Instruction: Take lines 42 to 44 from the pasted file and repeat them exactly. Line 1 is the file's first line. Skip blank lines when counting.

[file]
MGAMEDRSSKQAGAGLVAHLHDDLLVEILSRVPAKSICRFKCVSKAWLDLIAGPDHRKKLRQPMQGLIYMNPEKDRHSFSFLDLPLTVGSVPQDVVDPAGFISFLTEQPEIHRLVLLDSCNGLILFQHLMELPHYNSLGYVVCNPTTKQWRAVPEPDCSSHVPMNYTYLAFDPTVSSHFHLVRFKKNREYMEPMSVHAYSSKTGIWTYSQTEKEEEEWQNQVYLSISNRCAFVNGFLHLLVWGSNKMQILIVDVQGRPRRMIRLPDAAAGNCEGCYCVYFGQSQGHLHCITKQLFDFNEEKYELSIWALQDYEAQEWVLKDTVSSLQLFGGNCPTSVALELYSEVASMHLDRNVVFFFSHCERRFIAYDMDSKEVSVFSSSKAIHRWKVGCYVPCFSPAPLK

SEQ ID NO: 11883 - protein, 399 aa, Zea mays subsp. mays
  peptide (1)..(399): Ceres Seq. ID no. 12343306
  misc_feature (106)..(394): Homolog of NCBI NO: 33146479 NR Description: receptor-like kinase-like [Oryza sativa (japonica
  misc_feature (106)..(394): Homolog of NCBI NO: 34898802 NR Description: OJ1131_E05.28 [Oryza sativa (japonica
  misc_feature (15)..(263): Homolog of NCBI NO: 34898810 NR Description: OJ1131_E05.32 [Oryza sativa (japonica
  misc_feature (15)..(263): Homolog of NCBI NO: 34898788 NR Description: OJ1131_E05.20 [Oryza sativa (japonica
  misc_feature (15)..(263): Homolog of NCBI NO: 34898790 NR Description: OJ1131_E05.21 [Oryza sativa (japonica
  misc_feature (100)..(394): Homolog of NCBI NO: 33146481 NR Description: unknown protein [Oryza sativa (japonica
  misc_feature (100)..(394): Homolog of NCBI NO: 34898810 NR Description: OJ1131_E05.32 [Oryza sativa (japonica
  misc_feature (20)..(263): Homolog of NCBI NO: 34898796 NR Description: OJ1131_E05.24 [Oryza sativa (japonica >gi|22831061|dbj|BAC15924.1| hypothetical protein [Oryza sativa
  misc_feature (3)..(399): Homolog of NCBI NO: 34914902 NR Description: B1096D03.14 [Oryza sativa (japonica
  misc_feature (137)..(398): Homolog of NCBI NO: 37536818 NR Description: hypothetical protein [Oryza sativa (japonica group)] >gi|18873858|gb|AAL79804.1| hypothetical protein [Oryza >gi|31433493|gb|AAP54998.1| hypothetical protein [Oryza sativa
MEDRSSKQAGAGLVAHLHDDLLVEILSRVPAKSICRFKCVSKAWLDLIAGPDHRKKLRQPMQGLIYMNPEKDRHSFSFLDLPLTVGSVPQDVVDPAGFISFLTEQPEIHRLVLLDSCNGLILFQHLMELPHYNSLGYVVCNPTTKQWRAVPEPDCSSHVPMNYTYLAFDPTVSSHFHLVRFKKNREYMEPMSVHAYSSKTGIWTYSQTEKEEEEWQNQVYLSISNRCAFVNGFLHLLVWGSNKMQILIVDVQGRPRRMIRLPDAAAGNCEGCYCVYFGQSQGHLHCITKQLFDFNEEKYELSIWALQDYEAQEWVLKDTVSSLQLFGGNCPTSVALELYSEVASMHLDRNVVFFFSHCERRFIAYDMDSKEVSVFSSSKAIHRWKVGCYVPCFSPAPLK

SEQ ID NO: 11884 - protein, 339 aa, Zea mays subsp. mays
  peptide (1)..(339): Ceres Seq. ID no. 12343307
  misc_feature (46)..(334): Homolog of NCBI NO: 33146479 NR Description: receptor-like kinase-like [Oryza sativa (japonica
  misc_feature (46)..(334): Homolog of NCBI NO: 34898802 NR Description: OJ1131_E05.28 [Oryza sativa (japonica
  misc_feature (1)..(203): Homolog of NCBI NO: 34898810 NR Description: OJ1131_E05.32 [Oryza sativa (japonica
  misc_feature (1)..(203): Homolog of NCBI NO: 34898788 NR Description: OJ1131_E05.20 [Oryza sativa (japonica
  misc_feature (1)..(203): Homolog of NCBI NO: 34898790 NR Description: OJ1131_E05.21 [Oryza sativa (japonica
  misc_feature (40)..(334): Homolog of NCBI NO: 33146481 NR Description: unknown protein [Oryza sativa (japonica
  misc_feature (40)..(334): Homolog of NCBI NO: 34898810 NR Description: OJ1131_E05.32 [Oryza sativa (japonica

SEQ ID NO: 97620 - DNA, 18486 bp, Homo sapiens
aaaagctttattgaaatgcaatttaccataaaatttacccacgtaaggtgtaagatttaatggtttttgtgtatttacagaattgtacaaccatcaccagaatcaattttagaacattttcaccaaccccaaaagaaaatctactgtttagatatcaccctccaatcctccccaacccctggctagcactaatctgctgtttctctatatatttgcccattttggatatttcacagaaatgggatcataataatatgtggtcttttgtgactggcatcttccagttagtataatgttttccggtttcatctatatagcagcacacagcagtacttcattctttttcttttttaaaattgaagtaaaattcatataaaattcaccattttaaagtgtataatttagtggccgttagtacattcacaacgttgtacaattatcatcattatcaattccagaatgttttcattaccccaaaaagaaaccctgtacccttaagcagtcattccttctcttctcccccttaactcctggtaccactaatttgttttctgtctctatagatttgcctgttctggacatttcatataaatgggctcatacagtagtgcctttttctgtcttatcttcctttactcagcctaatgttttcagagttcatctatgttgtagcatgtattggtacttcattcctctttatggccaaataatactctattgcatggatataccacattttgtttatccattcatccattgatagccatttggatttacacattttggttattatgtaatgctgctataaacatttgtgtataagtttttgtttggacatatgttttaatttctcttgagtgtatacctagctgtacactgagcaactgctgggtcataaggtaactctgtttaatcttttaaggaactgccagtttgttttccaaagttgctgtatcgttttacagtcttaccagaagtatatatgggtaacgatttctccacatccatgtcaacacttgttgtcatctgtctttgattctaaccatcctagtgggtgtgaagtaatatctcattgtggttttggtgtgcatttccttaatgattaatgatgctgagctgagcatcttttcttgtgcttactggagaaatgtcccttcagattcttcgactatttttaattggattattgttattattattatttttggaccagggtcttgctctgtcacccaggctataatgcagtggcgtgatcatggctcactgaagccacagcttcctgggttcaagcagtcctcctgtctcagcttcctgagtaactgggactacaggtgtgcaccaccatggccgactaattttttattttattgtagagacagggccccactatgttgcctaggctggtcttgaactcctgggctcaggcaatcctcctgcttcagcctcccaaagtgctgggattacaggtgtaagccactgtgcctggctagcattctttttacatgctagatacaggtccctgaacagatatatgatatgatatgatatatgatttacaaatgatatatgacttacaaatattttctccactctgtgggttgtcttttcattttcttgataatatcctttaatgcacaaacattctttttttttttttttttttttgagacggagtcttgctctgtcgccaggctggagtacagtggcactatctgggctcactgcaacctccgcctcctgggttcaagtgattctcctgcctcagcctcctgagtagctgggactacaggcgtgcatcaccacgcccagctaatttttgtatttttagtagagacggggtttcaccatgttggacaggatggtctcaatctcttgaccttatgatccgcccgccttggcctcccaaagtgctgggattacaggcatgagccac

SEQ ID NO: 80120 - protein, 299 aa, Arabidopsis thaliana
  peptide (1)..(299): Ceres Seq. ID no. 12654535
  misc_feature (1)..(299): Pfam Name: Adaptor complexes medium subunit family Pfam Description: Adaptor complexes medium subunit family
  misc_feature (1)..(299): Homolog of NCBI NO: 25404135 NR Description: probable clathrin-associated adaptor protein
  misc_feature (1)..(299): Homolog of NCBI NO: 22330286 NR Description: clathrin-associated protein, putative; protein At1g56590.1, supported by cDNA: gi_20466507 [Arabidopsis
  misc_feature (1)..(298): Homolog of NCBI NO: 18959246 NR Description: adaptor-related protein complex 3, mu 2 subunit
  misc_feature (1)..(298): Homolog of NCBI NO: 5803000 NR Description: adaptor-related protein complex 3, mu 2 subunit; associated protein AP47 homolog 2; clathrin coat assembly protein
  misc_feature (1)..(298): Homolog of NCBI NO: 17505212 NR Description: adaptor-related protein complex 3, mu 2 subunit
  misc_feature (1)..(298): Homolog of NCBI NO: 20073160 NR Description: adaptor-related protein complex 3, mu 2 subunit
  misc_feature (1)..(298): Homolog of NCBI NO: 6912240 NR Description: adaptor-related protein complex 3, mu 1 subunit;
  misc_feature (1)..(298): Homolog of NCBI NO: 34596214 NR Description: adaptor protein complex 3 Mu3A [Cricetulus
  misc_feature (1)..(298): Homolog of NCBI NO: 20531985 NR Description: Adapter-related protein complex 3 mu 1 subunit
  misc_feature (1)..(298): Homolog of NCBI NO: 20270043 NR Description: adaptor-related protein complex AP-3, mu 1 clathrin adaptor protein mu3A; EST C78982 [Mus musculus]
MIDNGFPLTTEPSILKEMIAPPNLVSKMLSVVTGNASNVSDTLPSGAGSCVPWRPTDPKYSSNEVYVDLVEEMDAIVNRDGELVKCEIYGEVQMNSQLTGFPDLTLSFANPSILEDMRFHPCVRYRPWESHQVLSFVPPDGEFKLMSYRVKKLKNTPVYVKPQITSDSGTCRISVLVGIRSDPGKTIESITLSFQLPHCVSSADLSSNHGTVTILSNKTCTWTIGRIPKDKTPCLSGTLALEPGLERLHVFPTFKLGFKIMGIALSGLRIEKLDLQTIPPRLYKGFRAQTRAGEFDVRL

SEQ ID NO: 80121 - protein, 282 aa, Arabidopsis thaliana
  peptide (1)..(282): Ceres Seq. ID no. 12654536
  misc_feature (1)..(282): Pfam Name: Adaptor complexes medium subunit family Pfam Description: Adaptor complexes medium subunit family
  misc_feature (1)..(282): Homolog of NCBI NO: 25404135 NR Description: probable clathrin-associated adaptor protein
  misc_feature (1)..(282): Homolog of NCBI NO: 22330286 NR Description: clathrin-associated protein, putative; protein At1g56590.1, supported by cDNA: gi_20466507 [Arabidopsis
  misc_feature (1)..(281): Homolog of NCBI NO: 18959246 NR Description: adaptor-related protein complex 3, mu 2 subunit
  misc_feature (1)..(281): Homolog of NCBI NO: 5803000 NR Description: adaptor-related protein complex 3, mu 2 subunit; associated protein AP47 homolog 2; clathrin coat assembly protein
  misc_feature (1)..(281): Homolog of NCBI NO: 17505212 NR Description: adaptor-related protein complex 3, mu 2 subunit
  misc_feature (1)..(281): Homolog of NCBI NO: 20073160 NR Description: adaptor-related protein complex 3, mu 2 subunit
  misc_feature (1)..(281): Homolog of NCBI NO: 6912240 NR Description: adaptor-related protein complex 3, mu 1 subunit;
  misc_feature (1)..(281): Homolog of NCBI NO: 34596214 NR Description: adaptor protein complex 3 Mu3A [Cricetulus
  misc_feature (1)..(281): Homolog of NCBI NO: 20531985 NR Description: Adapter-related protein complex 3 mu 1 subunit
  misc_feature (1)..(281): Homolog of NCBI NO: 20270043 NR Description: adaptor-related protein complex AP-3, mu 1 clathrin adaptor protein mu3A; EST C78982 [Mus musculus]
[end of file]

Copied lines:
  misc_feature (1)..(282): Pfam Name: Adaptor complexes medium subunit family Pfam Description: Adaptor complexes medium subunit family
  misc_feature (1)..(282): Homolog of NCBI NO: 25404135 NR Description: probable clathrin-associated adaptor protein
  misc_feature (1)..(282): Homolog of NCBI NO: 22330286 NR Description: clathrin-associated protein, putative; protein At1g56590.1, supported by cDNA: gi_20466507 [Arabidopsis